Ex-Playboy CEO Flirts with TV News

By Gail Shister 

Morning shows are a nice place to visit, but ex-Playboy CEO Christie Hefner wouldn’t want to live there.

Hefner, who popped up Friday on “Good Morning America” as a panelist on George Stephanopoulos’ “Morning Mix,” says friends have encouraged her over the years to pursue a morning anchor gig.

“They said I’d be pretty good at it, and there aren’t enough really thoughtful interview shows on TV,” explains Hefner, 57, a life-long Chicagoan. “Morning shows are the logical forum for me. They talk about all kinds of issues.”

Not to worry, Meredith, Robin, Maggie, Mika and Kiran.

Though Hefner does guest shots every month or so when she’s in New York on business, she’s not chasing any full-time employment these days. She’s much too busy.

Since leaving Playboy Enterprises in January ’09 after 20 years’ running the empire created by her dad, Hugh Hefner, Hefner fille has been juggling three projects.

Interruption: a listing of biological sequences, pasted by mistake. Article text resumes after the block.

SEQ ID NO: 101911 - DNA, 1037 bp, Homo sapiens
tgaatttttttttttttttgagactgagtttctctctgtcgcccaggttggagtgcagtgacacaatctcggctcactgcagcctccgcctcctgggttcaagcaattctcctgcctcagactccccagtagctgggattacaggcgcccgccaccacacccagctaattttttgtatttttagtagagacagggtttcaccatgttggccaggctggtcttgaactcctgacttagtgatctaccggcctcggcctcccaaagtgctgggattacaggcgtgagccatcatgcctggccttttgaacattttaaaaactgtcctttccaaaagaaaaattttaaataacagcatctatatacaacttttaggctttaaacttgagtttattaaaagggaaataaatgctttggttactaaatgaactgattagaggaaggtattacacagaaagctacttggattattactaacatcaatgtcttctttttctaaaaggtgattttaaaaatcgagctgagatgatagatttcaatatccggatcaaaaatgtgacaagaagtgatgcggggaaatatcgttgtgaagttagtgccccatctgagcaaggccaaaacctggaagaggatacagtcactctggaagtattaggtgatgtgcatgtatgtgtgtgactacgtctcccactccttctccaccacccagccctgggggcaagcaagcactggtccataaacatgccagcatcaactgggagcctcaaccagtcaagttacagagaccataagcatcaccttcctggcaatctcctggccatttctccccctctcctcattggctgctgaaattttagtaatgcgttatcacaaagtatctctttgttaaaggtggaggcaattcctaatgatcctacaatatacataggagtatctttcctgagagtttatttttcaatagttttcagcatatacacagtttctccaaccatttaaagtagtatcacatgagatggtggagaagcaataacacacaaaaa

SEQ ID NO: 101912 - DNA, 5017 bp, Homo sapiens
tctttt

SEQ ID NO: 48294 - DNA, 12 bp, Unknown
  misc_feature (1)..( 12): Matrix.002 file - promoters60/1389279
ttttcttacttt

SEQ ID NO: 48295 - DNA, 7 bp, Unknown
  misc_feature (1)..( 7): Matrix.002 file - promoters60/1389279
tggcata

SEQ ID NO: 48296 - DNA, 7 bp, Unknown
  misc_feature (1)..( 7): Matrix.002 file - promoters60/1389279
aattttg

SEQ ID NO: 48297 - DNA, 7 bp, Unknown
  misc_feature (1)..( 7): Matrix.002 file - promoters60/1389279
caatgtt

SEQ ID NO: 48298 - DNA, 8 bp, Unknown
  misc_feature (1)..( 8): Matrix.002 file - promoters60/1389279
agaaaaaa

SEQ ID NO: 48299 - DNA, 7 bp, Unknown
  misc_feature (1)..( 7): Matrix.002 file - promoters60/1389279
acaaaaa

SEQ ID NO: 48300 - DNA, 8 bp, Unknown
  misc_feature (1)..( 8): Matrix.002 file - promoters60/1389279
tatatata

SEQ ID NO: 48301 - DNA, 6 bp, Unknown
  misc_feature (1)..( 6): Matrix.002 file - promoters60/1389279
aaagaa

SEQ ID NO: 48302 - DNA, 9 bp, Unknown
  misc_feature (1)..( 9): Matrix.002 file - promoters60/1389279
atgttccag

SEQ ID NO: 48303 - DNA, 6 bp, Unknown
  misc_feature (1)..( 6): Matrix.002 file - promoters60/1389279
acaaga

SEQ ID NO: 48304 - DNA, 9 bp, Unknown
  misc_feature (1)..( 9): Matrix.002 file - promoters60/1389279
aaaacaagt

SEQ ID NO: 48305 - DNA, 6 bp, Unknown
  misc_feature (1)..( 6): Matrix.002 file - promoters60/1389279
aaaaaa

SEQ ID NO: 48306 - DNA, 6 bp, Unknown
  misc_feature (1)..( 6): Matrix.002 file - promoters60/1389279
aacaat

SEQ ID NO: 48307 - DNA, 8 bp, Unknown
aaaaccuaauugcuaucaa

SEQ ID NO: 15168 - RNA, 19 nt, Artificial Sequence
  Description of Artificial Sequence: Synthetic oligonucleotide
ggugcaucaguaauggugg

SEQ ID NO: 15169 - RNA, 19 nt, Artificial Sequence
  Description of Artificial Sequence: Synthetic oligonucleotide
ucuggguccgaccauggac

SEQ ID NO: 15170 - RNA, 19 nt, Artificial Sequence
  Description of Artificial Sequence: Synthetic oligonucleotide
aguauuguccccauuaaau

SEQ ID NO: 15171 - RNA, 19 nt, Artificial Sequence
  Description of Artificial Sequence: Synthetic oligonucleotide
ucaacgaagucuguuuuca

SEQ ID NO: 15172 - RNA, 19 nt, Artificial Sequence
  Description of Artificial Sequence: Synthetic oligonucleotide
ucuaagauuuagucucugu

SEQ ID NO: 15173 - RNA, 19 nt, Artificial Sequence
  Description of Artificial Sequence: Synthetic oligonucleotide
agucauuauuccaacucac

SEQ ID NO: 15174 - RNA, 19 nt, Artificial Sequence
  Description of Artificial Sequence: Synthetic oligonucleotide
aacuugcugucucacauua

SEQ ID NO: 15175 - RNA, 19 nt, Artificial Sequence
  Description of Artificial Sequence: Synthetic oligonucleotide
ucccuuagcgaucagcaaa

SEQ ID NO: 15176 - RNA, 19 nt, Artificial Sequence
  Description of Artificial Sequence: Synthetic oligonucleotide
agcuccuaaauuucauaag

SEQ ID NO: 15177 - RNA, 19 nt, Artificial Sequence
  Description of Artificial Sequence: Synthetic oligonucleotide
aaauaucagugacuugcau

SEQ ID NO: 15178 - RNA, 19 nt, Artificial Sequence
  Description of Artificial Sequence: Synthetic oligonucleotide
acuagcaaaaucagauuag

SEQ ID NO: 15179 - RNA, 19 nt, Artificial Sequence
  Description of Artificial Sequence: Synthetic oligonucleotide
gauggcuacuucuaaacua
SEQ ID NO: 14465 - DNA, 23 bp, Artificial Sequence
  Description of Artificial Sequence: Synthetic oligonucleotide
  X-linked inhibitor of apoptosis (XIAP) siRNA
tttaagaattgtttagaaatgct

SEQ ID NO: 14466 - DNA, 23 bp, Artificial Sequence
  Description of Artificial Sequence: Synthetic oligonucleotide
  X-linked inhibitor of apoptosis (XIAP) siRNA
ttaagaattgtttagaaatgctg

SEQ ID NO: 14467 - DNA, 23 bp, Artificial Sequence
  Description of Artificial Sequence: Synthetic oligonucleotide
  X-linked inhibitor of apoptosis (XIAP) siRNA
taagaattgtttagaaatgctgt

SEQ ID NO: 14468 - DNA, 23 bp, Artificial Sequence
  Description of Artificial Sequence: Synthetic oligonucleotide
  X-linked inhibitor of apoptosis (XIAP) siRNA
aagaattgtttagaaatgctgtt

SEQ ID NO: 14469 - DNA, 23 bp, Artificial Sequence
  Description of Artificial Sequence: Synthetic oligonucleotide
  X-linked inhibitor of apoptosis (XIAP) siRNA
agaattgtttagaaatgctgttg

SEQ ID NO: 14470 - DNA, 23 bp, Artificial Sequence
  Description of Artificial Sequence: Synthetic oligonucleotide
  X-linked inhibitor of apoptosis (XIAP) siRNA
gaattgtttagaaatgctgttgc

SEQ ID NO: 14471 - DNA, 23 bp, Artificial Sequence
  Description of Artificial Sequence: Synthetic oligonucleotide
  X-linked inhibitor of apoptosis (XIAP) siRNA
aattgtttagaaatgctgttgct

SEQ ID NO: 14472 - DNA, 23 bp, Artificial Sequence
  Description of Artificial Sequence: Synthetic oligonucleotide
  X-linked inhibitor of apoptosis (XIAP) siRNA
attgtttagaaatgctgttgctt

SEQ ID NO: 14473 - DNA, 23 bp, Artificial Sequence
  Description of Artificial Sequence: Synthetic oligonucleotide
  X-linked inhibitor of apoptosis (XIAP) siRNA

She’s on the board of John Podesta’s progressive think tank, Center for American Progress. She’s working with Canyon Ranch Wellness Resorts to expand their brand. Ditto for Columbia Journalism Review, which offered Hefner the publisher’s post. She declined.

“I don’t really want one big job,” Hefner says. “I want to have a portfolio of things.”

Playboy Enterprises was Hefner’s primary portfolio for 34 years. Contrary to conventional wisdom, she remains bullish on the future of its print iteration.

Reduced to 10 issues per year, Playboy magazine “wasn’t an earnings driver or growth driver for the company, but it’s still a brand driver,” Hefner says, “It’s what defines us at our core. It’s the purest reflection of our brand.”

Hefner denies buzz that Playboy’s editorial headquarters will relocate from Chicago to L.A. in a budget move. “I’d be surprised. The truth is, Chicago is the most cost-effective of any city Playboy does business in — New York, Chicago, L.A.”

The “great” entertainment magazines will still be around 50 years from now, Hefner boldly predicts.

“It’s not the buggywhip business.”